During its period of existence this body succeeded in producing an internationally well regarded guide to motorcycle safety gear (The Good Gear Guide), running a Motorcycle National Safety Summit [in 2008] and formulated a draft Graduated Licensing Scheme for motorcycles. Unfortunately with the demise of the MSCC neither the Summit outcomes nor the GLS proposals were able to be followed through.[87]

1.71      The committee sees merit in the proposal for motorcycle safety to be addressed on a national basis, opening dialogue on a national approach to rider training and improving the road environment for this vulnerable road user group.[88]

1.72      The committee has not made equivalent recommendations in relation to new vehicle technologies such as anti-locking brake systems and electronic stability control for motorcycles. Without further research, the committee heeds the warning of the Motorcycle Council of New South Wales that '[j]ust because the technology has been developed for cars it is not immediately transferable to motorcycles'.[89]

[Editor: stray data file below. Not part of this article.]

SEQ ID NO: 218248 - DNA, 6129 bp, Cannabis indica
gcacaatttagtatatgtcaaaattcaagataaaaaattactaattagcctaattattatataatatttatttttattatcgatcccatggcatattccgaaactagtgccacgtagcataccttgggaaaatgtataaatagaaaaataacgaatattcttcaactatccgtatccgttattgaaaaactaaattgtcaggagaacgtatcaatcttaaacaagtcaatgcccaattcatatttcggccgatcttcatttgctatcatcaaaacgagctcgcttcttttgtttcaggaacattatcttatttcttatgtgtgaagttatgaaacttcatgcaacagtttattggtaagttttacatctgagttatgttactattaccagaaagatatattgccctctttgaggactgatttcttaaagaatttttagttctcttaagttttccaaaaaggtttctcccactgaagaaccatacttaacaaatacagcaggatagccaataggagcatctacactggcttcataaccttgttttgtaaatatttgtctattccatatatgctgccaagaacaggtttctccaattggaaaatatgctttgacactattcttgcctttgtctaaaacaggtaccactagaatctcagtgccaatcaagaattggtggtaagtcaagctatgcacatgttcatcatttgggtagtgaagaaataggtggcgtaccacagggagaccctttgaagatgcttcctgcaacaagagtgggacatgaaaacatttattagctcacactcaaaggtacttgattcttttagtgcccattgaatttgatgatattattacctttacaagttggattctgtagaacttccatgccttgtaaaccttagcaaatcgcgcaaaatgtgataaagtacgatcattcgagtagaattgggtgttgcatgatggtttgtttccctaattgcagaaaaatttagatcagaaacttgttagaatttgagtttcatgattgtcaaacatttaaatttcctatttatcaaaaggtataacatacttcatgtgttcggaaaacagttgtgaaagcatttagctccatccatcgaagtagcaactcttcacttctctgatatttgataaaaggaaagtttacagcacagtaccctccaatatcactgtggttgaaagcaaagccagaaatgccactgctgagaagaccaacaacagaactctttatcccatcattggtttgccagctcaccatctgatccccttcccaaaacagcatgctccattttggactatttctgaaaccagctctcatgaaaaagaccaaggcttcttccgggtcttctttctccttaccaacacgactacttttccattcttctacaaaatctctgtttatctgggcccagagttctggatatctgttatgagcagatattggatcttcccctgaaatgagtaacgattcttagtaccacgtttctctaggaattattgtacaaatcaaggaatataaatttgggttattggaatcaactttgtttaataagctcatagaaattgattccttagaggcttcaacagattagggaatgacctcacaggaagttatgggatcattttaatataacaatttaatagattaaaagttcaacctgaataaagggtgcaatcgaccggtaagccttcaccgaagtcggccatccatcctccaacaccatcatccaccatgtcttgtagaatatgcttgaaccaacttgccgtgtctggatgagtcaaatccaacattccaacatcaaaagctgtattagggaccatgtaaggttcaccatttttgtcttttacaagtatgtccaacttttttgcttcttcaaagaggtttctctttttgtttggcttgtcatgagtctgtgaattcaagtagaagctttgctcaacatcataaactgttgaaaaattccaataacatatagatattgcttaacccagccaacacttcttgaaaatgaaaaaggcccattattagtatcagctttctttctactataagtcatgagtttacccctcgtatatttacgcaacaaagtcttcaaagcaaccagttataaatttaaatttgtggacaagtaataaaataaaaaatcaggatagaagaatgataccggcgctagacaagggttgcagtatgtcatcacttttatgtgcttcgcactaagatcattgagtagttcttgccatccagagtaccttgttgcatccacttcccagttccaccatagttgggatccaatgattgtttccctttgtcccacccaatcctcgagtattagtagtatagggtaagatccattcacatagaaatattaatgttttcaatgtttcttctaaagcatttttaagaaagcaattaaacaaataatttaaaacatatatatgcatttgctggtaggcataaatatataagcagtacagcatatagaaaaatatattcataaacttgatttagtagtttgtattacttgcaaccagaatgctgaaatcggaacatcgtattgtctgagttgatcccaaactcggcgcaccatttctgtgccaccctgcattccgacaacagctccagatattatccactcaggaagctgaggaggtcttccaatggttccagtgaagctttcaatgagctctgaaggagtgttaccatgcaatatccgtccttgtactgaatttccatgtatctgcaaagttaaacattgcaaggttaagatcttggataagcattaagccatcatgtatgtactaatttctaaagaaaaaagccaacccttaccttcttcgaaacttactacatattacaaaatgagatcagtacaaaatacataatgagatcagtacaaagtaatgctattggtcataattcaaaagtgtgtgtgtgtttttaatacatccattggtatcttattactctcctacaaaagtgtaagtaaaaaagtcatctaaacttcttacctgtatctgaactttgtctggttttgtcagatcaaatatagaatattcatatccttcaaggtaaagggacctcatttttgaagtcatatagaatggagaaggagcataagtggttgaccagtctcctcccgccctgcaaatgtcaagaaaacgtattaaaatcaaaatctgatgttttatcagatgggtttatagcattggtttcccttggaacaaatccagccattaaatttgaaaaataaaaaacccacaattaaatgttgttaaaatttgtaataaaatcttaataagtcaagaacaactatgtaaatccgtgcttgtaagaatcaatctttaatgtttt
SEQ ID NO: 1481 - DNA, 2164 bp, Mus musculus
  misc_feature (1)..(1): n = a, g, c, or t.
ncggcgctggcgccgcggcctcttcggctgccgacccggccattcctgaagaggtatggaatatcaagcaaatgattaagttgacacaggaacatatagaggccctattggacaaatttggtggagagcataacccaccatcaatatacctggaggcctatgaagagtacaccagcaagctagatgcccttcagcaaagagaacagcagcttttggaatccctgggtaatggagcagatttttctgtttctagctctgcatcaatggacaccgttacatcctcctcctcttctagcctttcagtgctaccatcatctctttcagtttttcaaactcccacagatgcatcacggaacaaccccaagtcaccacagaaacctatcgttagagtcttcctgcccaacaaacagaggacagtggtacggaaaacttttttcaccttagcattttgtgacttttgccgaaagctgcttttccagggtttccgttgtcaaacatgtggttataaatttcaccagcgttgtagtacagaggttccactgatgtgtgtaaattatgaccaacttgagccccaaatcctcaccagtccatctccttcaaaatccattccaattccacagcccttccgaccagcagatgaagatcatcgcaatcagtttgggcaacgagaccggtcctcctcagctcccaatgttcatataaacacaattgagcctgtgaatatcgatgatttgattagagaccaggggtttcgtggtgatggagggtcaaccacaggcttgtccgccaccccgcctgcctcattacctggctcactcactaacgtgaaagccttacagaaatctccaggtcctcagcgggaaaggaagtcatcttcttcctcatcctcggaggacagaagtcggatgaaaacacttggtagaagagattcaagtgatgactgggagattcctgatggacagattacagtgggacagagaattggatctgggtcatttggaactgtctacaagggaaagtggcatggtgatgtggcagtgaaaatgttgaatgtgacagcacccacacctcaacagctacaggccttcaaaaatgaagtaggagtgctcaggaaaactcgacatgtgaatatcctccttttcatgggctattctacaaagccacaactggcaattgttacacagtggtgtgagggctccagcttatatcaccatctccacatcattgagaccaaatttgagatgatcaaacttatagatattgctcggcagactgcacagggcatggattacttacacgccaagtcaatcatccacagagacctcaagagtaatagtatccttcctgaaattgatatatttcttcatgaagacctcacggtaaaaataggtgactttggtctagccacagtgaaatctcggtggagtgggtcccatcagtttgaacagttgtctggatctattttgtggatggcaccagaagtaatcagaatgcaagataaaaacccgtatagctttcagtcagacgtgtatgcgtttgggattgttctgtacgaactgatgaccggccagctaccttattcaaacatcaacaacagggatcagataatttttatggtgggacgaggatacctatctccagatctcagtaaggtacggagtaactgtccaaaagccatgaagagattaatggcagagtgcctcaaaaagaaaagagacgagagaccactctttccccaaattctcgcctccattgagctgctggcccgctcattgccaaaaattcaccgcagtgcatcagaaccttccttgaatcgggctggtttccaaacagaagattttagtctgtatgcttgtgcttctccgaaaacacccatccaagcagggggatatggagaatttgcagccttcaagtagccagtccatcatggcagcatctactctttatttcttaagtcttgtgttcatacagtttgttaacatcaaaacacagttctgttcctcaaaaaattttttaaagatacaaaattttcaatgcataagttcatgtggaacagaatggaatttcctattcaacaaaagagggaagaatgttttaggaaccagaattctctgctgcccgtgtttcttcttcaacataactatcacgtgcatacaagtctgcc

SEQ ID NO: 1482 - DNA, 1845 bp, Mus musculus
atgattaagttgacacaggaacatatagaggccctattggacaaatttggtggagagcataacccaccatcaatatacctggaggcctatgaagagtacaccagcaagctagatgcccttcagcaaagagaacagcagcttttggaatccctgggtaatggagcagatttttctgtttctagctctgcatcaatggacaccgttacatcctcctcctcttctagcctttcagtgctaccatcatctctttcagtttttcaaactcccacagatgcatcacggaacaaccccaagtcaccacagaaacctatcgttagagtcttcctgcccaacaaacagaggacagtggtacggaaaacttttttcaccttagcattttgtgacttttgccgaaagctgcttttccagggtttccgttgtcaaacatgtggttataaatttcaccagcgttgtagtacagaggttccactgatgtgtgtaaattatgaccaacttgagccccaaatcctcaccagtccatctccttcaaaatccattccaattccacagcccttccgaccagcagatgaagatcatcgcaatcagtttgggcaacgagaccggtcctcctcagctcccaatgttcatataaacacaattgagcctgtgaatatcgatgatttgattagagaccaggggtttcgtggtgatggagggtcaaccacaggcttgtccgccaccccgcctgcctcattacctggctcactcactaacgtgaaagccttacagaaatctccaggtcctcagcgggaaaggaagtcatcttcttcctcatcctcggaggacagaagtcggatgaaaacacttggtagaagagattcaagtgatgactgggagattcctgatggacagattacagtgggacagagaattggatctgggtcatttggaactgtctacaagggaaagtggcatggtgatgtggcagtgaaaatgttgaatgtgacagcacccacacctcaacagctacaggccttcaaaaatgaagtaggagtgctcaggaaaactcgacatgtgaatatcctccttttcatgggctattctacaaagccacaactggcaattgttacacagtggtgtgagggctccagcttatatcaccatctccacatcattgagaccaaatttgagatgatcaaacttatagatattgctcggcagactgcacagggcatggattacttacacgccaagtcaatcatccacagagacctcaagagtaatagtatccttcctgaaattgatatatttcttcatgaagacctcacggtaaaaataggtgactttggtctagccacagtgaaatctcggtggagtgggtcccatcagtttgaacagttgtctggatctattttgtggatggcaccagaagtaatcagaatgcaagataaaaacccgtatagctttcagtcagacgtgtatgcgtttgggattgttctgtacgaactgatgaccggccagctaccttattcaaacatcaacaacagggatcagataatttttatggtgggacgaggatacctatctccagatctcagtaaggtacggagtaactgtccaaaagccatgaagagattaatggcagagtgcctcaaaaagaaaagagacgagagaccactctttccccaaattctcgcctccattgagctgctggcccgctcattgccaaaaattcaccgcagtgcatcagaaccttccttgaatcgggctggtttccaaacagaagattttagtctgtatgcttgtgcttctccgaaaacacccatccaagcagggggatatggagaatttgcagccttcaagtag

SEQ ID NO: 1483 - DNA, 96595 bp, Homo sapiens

1.73      On the other hand, the committee notes the Council's recommendation that '[t]echnology developed for cars needs to take into consideration the effect it has on motorcycle safety', urging for consideration of the ability of blind-spot monitoring and adaptive cruise control to detect the presence of motorcycle riders.[90]

Recommendation 3

1.74      The committee recommends that the National Transport Commission re‑establish a national consultative committee on motorcycle safety.

Recommendation 4

1.75      The committee recommends that the National Transport Commission develop and implement a national strategy for motorcycle safety.